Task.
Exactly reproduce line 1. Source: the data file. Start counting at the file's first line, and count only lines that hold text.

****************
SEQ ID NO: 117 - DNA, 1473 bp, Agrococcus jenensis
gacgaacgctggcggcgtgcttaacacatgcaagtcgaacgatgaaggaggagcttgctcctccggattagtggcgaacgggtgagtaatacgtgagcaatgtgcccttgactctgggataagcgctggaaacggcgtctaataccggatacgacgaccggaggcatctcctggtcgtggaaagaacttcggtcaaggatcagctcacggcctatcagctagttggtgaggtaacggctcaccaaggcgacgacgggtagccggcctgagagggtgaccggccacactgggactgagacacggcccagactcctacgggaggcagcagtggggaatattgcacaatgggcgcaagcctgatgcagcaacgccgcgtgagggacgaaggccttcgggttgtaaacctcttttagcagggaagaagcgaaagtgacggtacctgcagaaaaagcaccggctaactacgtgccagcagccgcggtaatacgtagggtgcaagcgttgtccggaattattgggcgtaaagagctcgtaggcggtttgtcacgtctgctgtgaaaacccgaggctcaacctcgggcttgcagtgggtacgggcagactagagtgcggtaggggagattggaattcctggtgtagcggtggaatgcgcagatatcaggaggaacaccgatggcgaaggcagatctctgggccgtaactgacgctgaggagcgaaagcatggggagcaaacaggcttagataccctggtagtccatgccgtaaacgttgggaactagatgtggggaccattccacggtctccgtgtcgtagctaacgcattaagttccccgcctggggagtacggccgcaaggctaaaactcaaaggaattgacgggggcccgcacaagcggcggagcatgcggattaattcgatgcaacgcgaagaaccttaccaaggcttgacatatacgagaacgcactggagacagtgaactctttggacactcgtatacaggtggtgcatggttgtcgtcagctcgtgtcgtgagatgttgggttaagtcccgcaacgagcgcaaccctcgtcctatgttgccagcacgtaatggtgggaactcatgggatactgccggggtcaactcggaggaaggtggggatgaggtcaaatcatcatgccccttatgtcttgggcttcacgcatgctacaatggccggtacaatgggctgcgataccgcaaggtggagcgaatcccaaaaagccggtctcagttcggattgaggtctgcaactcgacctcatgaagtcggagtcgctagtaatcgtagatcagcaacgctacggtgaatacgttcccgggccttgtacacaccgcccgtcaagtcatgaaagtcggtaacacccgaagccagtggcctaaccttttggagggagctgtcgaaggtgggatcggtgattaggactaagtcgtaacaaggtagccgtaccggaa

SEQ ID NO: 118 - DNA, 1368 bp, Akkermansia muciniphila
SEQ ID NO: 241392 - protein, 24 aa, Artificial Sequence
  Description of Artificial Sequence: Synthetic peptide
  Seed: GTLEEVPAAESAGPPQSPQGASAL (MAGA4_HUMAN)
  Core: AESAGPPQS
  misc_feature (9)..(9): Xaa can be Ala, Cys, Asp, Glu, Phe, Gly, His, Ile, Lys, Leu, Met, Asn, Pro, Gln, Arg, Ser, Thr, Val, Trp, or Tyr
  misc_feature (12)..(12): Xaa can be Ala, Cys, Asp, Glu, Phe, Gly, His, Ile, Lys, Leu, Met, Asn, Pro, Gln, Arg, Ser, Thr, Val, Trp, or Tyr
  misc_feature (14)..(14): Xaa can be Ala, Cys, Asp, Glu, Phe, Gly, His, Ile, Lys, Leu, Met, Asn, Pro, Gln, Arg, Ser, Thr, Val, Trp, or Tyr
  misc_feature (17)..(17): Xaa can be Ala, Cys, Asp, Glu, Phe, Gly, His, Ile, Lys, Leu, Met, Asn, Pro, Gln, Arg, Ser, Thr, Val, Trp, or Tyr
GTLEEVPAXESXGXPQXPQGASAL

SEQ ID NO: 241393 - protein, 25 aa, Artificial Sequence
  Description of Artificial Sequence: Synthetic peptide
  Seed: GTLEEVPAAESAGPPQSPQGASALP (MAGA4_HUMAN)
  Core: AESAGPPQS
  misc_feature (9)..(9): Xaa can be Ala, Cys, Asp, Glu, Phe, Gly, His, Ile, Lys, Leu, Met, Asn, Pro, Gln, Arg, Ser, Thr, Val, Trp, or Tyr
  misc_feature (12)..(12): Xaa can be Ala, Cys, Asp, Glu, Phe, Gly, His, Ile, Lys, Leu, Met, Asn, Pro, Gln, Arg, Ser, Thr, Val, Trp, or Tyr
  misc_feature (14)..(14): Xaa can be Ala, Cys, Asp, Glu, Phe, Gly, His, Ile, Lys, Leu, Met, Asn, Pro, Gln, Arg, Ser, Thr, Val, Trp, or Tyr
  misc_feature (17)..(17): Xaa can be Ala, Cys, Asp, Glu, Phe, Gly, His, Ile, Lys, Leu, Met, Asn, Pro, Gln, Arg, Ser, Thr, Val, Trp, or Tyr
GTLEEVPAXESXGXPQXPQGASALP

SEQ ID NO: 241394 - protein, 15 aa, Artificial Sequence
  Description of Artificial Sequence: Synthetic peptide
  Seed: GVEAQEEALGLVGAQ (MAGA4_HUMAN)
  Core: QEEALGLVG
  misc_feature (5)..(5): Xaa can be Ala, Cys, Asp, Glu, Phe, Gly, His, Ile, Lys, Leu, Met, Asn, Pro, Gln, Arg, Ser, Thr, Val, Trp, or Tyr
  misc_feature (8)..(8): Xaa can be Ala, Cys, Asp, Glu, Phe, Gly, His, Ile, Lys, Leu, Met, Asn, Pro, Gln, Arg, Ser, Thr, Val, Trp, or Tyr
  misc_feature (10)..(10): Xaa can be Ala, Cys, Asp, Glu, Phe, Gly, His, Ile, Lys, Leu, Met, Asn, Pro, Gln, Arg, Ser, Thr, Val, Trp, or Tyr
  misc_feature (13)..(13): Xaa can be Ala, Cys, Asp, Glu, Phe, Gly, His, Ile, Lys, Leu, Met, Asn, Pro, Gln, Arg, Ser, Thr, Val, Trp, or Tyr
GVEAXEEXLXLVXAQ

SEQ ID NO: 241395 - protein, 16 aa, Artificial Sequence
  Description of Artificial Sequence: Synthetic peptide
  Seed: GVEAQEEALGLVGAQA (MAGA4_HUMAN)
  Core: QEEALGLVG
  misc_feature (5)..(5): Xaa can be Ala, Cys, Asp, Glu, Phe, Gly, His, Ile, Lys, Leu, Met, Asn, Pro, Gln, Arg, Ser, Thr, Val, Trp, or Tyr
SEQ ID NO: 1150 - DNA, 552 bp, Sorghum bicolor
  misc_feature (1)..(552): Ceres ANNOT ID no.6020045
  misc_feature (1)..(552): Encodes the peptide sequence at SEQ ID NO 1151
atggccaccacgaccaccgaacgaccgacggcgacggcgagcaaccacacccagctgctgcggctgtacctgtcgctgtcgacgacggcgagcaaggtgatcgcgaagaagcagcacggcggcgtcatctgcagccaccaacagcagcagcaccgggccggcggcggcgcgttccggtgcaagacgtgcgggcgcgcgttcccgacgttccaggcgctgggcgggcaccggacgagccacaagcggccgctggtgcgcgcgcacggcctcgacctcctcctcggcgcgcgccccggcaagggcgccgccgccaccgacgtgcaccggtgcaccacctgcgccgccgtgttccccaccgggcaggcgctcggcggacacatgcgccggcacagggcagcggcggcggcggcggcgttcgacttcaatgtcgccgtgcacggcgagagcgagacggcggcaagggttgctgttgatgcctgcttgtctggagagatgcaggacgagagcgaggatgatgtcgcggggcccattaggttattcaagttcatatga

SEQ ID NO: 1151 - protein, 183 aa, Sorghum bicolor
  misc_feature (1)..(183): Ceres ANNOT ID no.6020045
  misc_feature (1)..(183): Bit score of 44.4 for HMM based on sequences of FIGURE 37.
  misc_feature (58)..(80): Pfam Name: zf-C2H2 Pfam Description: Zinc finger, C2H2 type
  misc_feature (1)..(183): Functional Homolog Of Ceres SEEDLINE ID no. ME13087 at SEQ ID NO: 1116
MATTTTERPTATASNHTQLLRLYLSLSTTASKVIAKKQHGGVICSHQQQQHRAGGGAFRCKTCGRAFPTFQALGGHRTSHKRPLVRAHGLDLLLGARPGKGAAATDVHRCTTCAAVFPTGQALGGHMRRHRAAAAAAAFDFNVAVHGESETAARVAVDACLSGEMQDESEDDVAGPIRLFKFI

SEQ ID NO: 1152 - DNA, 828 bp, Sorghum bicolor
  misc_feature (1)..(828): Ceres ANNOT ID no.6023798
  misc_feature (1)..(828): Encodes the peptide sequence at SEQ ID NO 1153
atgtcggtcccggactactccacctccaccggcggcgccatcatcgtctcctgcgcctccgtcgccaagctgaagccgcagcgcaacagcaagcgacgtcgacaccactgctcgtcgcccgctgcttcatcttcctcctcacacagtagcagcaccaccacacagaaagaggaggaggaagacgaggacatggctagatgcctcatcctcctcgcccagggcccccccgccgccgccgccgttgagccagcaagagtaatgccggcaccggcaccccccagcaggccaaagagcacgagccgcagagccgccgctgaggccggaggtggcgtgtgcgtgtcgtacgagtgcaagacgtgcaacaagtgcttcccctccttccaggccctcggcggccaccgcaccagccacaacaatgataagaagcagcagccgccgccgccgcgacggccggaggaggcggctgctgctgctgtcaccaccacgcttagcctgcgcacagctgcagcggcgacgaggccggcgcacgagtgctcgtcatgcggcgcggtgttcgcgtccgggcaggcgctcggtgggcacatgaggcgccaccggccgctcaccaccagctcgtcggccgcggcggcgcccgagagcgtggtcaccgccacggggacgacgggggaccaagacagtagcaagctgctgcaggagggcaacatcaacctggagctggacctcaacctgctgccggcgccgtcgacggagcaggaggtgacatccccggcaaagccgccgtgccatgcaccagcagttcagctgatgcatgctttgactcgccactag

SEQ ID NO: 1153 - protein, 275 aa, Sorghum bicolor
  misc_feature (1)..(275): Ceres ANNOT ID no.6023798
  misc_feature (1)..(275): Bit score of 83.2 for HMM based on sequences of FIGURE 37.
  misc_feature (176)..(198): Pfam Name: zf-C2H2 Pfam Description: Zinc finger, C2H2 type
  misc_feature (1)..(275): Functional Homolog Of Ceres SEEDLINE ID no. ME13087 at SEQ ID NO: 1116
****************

SEQ ID NO: 117 - DNA, 1473 bp, Agrococcus jenensis